I did try to adjust one of the tiebreakers. The Win Points and Loss Points definitions and even tiebreakers are almost perfectly symmetric: positive coefficients in win points are replaced by negative ones in loss points; most tiebreakers in win points are replaced by fewest tiebreakers in loss points. So I wondered what would happen if I switched the last tiebreaker for loss points, giving the loss to the last pitcher to enter the game, rather than the first. Well, so far in 2014, nothing changes, as the loss breakdown between starters and relievers remained unchanged. Even in prior years, just a handful of games were affected. So that tweak basically doesn’t matter. I’d still prefer to give it to the last tied pitcher, though, as it would match current practice if there were a tie for most loss points in a walk-off game.

One other side benefit of this little project: I’ve discovered a data error in my database, as total wins and losses don’t equal each other for 2011 and 2012. I’ll have to get that fixed!

About Geoff

Dad, hacker, fantasy sports entrepreneur.
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4 Responses to #RedefineTheWin

  1. Kenny says:

    I understand the rhetorical advantage of replacing the win rather than killing it. It’s probably a more winning position than kill the win. But I think this proposal in all its forms is flawed because it still requires some pitcher to get a loss in a 1-0 game, or a win in a game that ends 11-10 and no pitcher on the winning team deserves it. There should be a “no decision” category for a game, not just a pitcher. Without doing the necessary calculations, I’ll propose the obvious place to start: if no pitcher on the winning team has a positive score using your numbers, or no pitcher on the losing team ends up with positive points, then no pitcher gets credit for a win or a loss.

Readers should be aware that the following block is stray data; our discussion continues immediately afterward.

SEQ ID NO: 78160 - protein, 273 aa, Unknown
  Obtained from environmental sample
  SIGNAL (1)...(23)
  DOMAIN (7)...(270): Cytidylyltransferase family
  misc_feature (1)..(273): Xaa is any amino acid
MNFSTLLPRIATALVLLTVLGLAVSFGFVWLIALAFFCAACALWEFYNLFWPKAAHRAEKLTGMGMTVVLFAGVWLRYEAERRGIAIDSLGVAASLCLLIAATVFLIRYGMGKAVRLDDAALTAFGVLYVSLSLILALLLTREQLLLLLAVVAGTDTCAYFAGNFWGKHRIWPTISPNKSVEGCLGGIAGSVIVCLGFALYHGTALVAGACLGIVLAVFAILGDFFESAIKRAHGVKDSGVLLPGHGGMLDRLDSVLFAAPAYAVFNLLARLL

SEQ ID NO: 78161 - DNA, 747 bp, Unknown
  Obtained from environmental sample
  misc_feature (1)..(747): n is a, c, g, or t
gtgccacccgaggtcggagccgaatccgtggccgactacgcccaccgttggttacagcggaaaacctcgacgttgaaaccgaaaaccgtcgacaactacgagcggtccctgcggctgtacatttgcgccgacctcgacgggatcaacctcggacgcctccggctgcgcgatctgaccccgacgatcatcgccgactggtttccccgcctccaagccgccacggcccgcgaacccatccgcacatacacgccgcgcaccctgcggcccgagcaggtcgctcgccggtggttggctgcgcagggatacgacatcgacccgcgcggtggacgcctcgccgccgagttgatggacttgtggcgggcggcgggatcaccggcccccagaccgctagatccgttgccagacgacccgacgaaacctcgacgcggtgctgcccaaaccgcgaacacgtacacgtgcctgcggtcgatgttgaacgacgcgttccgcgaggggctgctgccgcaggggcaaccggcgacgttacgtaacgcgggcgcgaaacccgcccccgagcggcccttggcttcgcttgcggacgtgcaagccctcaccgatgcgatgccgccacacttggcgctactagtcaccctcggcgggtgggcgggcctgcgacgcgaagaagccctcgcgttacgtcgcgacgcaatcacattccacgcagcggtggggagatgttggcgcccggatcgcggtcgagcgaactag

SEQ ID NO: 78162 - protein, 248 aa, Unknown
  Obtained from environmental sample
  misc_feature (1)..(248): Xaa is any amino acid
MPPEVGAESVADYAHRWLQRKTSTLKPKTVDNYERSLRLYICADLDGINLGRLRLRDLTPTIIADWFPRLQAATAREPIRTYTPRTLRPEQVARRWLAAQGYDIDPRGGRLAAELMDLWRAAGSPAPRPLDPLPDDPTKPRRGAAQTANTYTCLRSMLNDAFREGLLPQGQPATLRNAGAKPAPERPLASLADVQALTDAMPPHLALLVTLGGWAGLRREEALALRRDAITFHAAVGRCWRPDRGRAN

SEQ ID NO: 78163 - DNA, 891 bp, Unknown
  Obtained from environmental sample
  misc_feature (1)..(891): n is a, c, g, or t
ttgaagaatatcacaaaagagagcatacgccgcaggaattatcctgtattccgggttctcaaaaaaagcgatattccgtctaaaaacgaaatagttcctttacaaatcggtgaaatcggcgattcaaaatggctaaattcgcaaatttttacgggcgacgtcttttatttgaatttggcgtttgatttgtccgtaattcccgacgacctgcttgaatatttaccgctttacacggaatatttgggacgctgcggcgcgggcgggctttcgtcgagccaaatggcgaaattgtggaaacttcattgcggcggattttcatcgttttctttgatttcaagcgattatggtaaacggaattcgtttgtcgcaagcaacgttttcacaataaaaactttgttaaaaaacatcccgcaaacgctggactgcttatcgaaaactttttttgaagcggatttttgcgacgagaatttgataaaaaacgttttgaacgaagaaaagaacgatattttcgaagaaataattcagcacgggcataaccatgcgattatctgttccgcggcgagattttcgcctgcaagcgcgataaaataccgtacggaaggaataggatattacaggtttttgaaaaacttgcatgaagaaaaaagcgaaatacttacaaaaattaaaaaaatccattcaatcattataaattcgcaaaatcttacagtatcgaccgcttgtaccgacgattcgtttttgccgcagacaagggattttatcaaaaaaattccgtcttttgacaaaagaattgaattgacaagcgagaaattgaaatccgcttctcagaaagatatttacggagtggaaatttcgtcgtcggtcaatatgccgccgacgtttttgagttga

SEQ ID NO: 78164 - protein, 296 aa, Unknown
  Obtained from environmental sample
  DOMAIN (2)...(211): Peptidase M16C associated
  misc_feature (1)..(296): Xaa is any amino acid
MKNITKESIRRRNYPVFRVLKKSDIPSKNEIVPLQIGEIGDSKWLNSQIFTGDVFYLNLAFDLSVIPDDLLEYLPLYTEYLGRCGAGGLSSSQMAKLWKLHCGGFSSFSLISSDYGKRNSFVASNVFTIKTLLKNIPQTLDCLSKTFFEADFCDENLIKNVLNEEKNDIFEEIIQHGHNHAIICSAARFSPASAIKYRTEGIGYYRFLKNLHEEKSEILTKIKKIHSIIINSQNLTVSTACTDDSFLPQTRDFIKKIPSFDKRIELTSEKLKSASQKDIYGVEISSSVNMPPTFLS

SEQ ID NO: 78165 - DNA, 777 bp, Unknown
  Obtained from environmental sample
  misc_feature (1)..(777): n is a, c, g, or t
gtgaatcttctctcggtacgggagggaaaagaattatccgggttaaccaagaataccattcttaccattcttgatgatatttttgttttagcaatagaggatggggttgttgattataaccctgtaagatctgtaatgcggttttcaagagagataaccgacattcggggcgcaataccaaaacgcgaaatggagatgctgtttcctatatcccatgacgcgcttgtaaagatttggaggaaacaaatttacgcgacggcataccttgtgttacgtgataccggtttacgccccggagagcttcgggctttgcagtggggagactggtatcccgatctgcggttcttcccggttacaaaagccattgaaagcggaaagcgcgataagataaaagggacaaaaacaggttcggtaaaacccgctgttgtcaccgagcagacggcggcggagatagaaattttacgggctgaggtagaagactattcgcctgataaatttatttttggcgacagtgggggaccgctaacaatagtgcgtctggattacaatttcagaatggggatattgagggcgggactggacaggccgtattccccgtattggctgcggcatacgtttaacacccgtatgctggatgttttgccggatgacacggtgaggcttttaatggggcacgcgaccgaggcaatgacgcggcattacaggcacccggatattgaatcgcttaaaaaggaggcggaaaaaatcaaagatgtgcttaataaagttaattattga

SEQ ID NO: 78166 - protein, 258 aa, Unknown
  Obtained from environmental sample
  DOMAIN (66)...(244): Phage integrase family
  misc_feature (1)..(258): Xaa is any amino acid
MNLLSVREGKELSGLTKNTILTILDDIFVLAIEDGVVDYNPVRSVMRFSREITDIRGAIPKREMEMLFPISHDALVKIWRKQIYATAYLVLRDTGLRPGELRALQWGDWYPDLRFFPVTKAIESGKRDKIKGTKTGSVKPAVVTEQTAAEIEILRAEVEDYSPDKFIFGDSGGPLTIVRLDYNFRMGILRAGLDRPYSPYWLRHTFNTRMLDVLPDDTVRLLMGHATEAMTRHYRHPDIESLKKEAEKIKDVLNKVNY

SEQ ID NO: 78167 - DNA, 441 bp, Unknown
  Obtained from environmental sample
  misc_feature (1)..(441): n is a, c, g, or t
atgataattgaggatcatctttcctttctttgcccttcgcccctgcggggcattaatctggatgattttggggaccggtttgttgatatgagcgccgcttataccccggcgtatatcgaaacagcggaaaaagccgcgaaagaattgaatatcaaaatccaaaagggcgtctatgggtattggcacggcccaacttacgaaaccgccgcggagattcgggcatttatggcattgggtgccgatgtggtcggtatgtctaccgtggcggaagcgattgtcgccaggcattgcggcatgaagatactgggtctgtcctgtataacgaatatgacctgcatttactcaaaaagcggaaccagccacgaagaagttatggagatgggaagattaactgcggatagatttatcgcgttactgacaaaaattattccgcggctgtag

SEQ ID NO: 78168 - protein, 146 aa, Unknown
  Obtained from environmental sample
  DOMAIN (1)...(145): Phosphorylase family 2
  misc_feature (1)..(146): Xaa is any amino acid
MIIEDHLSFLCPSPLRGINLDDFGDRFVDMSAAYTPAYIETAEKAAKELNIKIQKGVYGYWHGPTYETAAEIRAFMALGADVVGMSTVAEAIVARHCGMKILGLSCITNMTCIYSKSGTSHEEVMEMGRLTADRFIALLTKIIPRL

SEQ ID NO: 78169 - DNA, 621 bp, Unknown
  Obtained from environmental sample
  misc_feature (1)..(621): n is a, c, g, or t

2. Geoff says:

    It depends on what you’re trying to do. Think of it as a descriptive stat. Sure, it seems unfair to pitch a complete game allowing just one run and getting a loss, but when your team loses the game, that great performance was for naught.

    And when you win 11-10, that’s still a win. Now I’d agree at one level it’s overly simplistic to give a win to any one player; baseball is after all a team game. But a pitcher usually has the biggest impact on the game, period, and so it’s not much more of a step to identify which pitcher had the biggest impact on a win or loss, and then crediting them.

    In this case the pitcher “wins” all will add up to match the team totals, and there is some value in that.

    You could also simply track a team’s record when using a given pitcher. Especially for starters, that might not be that bad, but for relievers it might be more biased based on usage.

    No stat is perfect. Sometimes the 1-0 game is as much a result of outside factors (weather, a somewhat larger strike zone) as of excellent pitching. This keeps focus on the bottom line, a team win, and simply tries to allocate that win to the pitcher most responsible in a fairly simple to understand way.

  3. tangotiger says:

    Kenny and Geoff perfectly articulated both sides of the issue.

    It simply comes down to the objective. For people like Geoff, we have other stats. For those who like the idea of giving out 1 W and 1 L to ONE guy on the team in that game (and forcing it to be a pitcher), we have the stat I’m proposing.

    Someone else suggested giving out 1 W and 1 L to either SP, Bullpen, or Offense. That also would appeal to some other segment.

    We can make everyone happy. The current official definition of W and L can be improved, so, let’s at least do that.

  4. tangotiger says:

    I meant for people like Kenny…